1. I had already written this article, and was at Mass today following my confession when I realized that the theme of the Mass readings was faith and that it would fit in perfectly with the title I had already chosen for this article, "A leap of faith".

    Actually the first quotation above, 1 John 5:4, is the verse just before the Mass reading. I had brought my Bible with me to Mass and was reading the verses in preparation and happened to glance at that verse.

    I must say that in the past I never read the Letters in the New Testament. So I was completely unfamiliar with this verse, but immediately fell in love with it:

    "For whatever is born of God overcomes the world; and this is the victory that overcomes the world, our faith."

    NOTE:

    I'm using the RSV (Revised Standard Version) translation. I have pretty much given up on the NAB (New American Bible) translation, which is promoted by the US Bishops. While NAB is generally more in tune with current English usage, I'm suspect about the accuracy of its translations. (One of the problems is that NAB has succumbed to the pressure to use gender neutral language.) I have the general impression that RSV preserves more accurately the original language of the scriptures, rather than attempting to re-interpret it in modern terms as NAB does.

    Here is the same verse, 1 John 5:4, from NAB for comparison:

    "for whoever is begotten by God conquers the world. And the victory that conquers the world is our faith."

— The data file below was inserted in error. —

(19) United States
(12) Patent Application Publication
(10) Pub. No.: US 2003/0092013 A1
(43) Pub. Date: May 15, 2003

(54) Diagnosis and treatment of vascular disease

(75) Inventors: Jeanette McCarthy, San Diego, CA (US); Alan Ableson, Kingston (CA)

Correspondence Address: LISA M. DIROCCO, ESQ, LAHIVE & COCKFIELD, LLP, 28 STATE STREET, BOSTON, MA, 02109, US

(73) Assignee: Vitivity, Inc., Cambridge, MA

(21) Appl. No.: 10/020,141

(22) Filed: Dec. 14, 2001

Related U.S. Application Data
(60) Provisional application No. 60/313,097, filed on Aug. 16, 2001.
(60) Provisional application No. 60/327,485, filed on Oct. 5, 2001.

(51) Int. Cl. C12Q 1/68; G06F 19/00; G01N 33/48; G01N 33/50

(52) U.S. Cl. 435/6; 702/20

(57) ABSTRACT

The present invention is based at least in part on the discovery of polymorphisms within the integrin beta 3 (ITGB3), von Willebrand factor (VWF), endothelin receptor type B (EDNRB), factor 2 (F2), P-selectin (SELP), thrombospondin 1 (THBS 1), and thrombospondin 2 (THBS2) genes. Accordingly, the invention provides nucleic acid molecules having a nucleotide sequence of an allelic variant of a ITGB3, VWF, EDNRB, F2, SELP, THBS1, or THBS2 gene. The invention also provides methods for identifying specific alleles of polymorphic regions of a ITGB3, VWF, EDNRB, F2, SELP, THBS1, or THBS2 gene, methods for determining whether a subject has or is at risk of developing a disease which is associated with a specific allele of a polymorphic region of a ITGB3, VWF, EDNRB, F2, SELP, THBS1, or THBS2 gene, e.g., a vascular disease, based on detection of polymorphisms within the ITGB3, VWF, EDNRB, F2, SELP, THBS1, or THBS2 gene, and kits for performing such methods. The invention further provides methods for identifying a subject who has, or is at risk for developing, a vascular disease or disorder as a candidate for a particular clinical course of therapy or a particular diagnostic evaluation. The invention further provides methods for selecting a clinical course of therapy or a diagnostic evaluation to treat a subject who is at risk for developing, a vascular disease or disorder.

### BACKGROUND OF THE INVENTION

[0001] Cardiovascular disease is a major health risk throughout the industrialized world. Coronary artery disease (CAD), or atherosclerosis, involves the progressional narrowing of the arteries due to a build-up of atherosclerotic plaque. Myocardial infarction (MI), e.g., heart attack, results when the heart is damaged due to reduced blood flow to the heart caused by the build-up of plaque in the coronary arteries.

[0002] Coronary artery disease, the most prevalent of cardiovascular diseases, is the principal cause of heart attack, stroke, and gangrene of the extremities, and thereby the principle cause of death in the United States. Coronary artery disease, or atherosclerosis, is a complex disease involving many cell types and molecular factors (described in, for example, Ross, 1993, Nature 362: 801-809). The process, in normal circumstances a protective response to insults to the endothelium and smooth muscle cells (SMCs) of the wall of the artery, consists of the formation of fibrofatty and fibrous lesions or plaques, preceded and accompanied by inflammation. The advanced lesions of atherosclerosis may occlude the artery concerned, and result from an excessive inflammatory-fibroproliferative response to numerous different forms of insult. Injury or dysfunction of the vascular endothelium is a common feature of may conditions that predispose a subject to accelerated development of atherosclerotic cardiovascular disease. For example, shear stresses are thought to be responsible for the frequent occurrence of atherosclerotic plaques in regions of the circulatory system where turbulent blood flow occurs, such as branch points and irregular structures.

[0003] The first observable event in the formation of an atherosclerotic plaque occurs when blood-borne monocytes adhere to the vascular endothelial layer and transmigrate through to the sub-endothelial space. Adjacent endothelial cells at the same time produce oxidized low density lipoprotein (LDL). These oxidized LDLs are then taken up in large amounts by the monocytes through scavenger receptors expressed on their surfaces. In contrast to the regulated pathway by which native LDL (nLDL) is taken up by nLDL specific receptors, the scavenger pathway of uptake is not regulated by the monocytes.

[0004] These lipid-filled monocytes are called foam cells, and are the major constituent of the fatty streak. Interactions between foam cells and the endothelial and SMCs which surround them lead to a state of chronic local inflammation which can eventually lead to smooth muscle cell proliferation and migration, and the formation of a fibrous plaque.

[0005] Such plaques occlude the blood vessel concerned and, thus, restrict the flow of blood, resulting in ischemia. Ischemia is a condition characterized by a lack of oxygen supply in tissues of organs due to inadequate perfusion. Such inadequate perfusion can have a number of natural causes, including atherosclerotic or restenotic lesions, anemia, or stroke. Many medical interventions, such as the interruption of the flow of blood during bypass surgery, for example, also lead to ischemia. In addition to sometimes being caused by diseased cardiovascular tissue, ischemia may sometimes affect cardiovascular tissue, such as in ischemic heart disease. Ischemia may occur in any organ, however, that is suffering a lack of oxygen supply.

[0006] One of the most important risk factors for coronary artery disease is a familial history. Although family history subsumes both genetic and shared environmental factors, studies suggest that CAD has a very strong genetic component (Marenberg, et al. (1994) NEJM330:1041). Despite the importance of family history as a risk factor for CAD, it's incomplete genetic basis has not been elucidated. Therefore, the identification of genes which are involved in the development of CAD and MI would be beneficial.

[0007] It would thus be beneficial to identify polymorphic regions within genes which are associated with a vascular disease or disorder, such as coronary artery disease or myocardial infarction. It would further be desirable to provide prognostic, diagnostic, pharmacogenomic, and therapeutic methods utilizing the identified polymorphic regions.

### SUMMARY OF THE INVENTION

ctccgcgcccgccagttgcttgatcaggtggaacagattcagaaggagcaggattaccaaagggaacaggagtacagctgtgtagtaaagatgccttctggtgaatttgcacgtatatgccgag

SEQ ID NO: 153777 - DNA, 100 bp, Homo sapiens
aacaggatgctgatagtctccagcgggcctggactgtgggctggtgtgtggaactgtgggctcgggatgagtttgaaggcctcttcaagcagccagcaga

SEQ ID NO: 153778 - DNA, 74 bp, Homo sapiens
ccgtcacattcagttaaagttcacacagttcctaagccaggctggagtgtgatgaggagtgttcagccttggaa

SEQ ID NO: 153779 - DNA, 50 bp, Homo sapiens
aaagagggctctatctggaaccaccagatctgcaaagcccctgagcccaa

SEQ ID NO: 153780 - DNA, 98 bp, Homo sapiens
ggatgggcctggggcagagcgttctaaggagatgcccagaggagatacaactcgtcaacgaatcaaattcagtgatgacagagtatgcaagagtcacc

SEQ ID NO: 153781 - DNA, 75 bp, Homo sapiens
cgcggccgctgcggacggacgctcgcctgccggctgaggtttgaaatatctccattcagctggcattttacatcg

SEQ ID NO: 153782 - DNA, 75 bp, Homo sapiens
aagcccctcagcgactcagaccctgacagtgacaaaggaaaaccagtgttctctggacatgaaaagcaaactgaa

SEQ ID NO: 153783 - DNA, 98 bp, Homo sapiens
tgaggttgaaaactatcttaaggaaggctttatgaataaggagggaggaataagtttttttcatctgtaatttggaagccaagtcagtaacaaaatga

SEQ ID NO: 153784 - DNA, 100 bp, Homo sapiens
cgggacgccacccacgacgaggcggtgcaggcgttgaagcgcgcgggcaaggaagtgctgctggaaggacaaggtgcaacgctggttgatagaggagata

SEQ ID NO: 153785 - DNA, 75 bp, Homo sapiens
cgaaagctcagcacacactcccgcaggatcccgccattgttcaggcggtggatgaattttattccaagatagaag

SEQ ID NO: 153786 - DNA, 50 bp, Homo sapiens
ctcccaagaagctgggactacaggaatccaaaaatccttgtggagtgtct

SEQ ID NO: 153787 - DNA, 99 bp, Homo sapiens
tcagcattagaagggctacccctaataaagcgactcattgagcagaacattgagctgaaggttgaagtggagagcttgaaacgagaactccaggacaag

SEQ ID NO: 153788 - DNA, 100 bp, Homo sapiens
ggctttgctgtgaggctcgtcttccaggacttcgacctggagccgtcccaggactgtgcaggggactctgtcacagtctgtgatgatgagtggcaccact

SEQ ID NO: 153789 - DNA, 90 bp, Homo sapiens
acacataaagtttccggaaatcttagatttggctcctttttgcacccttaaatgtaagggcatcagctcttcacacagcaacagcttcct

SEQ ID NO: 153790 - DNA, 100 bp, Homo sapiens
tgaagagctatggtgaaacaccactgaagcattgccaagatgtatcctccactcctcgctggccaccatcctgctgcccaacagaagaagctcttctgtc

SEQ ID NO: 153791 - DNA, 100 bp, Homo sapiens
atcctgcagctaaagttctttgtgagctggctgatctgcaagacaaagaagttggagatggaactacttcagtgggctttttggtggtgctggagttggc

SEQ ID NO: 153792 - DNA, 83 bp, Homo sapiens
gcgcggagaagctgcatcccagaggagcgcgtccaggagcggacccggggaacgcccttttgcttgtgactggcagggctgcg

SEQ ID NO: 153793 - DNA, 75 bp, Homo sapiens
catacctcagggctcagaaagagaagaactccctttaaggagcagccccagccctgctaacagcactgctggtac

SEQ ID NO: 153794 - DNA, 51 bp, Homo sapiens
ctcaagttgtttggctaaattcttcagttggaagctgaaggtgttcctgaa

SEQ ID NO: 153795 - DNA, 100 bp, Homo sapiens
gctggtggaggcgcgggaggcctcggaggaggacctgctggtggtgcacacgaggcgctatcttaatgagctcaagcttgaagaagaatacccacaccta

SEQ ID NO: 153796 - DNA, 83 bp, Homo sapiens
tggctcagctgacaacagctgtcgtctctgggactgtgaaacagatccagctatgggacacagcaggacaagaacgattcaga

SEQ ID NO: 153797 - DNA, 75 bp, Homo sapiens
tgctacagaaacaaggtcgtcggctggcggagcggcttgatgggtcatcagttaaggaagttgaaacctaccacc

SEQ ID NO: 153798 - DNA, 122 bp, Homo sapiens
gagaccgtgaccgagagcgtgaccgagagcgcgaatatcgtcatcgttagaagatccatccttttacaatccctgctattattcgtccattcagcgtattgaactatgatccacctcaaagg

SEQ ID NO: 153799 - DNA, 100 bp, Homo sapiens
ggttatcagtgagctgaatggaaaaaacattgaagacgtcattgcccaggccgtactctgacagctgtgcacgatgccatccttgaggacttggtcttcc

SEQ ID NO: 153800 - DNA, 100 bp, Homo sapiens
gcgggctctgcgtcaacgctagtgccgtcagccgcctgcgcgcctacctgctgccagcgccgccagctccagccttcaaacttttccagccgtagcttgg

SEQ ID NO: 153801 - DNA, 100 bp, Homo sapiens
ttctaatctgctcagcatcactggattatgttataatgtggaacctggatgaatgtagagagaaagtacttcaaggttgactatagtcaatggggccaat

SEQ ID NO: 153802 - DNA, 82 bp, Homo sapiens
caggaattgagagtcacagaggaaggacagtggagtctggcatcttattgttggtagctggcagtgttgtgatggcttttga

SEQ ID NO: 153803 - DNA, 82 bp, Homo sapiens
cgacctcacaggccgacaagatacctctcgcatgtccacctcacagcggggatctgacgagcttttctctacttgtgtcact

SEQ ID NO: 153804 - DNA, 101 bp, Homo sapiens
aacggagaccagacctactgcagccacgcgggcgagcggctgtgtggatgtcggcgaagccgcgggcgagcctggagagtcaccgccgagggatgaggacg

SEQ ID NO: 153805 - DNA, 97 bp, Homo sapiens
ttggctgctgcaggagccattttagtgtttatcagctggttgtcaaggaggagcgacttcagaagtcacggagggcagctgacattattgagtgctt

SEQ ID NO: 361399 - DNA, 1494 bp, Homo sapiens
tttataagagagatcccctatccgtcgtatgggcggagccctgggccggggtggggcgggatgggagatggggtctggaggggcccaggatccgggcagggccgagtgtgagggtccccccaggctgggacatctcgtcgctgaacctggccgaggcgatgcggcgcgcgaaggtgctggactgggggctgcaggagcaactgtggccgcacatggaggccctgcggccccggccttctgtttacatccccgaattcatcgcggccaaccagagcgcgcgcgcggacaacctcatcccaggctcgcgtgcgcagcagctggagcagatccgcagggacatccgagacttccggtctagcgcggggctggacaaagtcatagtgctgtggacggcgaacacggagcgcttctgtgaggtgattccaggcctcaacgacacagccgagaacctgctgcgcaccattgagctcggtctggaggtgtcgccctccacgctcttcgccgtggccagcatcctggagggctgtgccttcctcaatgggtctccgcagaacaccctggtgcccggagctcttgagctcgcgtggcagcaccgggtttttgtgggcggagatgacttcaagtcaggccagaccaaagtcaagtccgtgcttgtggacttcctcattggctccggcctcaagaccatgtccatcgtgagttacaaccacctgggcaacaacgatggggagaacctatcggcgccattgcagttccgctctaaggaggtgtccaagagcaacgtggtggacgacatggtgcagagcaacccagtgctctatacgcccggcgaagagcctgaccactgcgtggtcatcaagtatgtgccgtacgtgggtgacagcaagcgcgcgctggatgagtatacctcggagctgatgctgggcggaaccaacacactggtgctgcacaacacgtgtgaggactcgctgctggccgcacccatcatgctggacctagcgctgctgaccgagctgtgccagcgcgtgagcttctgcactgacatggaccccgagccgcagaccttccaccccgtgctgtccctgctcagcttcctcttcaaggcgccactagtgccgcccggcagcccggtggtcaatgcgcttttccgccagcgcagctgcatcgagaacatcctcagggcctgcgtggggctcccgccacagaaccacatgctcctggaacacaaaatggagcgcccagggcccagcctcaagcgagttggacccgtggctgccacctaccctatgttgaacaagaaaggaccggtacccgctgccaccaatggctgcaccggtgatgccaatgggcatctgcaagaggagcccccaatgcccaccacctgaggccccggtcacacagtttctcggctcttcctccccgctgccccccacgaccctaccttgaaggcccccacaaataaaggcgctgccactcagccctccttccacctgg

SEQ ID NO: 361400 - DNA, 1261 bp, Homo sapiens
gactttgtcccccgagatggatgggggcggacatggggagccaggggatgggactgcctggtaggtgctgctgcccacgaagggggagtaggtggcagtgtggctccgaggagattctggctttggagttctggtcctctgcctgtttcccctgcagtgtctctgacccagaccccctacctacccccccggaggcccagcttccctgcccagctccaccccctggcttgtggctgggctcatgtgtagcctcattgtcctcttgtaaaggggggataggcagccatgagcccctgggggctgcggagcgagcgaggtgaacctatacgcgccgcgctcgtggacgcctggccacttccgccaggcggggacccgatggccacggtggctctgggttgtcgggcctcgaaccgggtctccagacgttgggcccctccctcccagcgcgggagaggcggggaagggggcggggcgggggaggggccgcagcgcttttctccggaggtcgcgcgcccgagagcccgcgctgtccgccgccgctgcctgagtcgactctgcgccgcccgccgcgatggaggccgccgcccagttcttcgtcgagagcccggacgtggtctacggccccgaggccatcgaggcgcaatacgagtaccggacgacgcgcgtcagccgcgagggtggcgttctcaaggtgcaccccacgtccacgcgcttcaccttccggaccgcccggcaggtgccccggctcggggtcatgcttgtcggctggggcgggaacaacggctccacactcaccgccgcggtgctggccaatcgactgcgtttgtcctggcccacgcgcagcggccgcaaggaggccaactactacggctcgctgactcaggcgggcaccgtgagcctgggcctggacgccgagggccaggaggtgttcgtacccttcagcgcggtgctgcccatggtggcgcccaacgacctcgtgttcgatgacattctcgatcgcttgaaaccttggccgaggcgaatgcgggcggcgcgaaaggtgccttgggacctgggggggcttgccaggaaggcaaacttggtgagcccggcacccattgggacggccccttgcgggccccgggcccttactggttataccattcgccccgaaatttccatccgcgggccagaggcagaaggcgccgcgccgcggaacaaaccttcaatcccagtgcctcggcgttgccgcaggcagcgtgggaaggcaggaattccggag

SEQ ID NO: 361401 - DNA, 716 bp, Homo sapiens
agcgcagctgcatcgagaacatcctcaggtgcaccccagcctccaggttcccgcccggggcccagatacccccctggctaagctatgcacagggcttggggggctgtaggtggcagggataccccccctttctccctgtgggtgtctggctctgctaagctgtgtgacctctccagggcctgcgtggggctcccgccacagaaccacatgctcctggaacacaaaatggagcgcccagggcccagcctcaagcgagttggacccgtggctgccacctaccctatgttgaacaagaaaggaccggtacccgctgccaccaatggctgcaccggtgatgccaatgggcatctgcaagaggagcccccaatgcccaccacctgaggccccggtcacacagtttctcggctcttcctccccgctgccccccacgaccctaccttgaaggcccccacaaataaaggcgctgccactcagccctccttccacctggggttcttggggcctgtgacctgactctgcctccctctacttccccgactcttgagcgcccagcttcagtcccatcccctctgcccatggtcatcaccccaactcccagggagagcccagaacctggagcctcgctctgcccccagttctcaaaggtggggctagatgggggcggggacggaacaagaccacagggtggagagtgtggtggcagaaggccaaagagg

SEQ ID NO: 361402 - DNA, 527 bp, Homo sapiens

ReplyDelete
  2. "For whatever is born of God overcomes the world; and this is the victory that overcomes the world, our faith."

    Beautiful! That is what makes the difference, Faith. To be honest, deep in my heart I know that there is an almighty God. I can feel it in a way that cannot be described through reason, you have to experience it.

    I do understand atheism, but in my heart I cannot conceive it, makes no sense to me. Lately I have been challenged to meditate about whether God it is true or not, but for me it is like to deny the sun just by putting your hands in front of your eyes. That´s how I see it.

    Thank you for your answers by the way, there are as always are very helpful. The person that I want to deal with is someone that deeply rejects religion, but I don't want to start an ever ending argument about with him.

    His rejection towards Catholic church is strong and it is based in his atheistic beliefs. I wish he was able to see the miracles that has happened in my life, which many call luck. I have witnessed the power of the Rosary, faith and pray in my life and others.

    I'm not the one to judge anyone, because I'm far from being perfect. I just hope to find the strength to keep going.


    I pray for this world; life, our children and the future.

    God bless you!

    ReplyDelete
  3. Merry Christmas and a Happy New Year Michael. I wish you the best and I hope you keep on posting your great articles. Keep inspiring others to get closer and closer to God.

    I hope you can read/publish something about Catholics/Orthodox in Palestine. They are having a very hard time.

    I'll keep you in my prayers.

    ReplyDelete
  4. Hi Michael. Happy New Year!

    I like this post very much, I need more time to read the others I've missed.

    I'm having a tough time personally as the year begins, but I know there is always something here to lift my spirits.

    ReplyDelete
  5. Hail, Hail, the gangs all here!

    Hi Paco! Hi Ride! Hi Marty! It's good to have everybody back after the Christmas season. Happy New Year to all of you.

    ReplyDelete